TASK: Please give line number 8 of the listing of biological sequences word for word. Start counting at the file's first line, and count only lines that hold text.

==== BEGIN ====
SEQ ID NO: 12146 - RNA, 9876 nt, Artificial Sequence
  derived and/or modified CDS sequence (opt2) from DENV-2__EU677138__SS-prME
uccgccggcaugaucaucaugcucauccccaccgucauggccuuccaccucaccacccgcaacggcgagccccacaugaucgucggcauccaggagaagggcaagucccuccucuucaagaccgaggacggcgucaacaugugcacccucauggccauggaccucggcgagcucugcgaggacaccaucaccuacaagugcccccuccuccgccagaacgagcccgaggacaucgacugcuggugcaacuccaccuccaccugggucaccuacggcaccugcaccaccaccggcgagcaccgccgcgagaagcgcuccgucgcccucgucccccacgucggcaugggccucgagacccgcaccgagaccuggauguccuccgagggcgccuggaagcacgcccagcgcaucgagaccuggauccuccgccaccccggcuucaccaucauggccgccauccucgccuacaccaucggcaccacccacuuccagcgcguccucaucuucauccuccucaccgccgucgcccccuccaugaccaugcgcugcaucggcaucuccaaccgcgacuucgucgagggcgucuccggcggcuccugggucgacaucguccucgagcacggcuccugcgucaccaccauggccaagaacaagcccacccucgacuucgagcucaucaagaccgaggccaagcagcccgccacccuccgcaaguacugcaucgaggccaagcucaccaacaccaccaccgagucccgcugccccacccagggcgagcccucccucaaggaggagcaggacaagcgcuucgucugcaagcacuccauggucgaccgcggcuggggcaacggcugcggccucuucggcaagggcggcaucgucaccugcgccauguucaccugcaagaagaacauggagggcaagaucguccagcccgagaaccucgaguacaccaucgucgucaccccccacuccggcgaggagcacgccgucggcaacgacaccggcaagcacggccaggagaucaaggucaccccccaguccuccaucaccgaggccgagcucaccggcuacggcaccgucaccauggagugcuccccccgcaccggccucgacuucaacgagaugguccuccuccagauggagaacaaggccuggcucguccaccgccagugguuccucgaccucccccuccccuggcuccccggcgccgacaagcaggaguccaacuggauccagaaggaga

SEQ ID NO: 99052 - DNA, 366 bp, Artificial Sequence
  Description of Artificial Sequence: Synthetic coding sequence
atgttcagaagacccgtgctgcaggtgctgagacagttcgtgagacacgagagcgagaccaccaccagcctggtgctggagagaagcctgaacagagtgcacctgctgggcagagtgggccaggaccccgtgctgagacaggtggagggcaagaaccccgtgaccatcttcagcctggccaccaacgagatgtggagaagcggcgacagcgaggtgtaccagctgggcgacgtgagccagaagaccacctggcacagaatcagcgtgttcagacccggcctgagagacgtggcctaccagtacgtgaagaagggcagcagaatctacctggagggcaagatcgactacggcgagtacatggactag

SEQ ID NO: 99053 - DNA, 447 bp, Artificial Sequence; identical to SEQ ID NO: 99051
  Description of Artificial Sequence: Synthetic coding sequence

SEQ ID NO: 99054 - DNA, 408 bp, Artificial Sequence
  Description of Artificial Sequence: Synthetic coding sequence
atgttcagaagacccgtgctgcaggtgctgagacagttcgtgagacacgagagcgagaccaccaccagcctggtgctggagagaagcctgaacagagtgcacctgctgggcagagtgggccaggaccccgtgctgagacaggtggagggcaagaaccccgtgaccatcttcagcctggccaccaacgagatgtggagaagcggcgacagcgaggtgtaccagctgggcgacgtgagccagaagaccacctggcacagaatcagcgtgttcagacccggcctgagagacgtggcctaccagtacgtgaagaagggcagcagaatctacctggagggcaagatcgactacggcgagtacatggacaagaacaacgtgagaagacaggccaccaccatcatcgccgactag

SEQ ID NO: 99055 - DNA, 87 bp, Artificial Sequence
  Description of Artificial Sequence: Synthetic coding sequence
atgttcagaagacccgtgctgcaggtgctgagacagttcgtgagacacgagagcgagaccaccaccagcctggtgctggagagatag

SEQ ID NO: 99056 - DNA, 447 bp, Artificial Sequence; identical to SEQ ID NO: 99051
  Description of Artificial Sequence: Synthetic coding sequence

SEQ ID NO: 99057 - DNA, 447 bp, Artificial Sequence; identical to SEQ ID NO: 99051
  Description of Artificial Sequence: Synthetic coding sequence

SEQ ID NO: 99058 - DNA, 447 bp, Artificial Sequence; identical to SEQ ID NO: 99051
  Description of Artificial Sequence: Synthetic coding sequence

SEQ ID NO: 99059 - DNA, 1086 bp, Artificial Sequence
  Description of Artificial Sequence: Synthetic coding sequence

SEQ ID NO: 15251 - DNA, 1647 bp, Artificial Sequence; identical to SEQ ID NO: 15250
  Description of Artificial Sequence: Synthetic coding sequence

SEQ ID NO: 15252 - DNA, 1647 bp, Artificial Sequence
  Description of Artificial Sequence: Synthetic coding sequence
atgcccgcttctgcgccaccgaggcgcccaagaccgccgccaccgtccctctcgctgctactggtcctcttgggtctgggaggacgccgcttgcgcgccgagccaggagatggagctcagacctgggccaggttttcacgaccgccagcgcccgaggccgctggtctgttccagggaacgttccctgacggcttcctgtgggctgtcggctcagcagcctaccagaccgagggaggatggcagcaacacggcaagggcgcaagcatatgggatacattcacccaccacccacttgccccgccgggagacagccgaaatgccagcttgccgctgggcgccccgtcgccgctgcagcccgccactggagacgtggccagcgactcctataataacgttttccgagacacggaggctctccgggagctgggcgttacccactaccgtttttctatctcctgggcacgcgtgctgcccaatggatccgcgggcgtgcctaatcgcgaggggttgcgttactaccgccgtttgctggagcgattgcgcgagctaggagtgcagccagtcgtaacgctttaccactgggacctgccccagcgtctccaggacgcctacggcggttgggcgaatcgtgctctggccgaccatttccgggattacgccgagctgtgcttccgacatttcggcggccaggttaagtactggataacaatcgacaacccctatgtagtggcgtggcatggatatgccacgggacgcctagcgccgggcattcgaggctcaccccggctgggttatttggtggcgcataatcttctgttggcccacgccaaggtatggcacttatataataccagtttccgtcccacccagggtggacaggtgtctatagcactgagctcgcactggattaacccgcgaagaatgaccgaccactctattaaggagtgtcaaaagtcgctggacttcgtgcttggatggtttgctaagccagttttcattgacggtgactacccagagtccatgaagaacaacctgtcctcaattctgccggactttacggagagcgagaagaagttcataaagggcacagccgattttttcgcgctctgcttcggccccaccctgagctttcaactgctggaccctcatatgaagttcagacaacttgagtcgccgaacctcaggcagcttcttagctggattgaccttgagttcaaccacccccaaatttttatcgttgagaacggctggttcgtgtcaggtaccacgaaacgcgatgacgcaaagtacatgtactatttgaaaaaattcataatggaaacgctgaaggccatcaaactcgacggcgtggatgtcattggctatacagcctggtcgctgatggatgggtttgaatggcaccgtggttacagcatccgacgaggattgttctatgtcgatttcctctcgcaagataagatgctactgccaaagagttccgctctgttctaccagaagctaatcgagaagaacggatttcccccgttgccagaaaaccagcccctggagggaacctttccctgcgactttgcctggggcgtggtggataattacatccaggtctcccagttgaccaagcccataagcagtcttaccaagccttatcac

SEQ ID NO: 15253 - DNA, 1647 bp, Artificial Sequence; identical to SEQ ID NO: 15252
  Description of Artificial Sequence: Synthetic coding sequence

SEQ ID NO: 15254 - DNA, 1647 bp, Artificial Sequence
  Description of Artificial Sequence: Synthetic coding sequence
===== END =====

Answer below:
  Description of Artificial Sequence: Synthetic coding sequence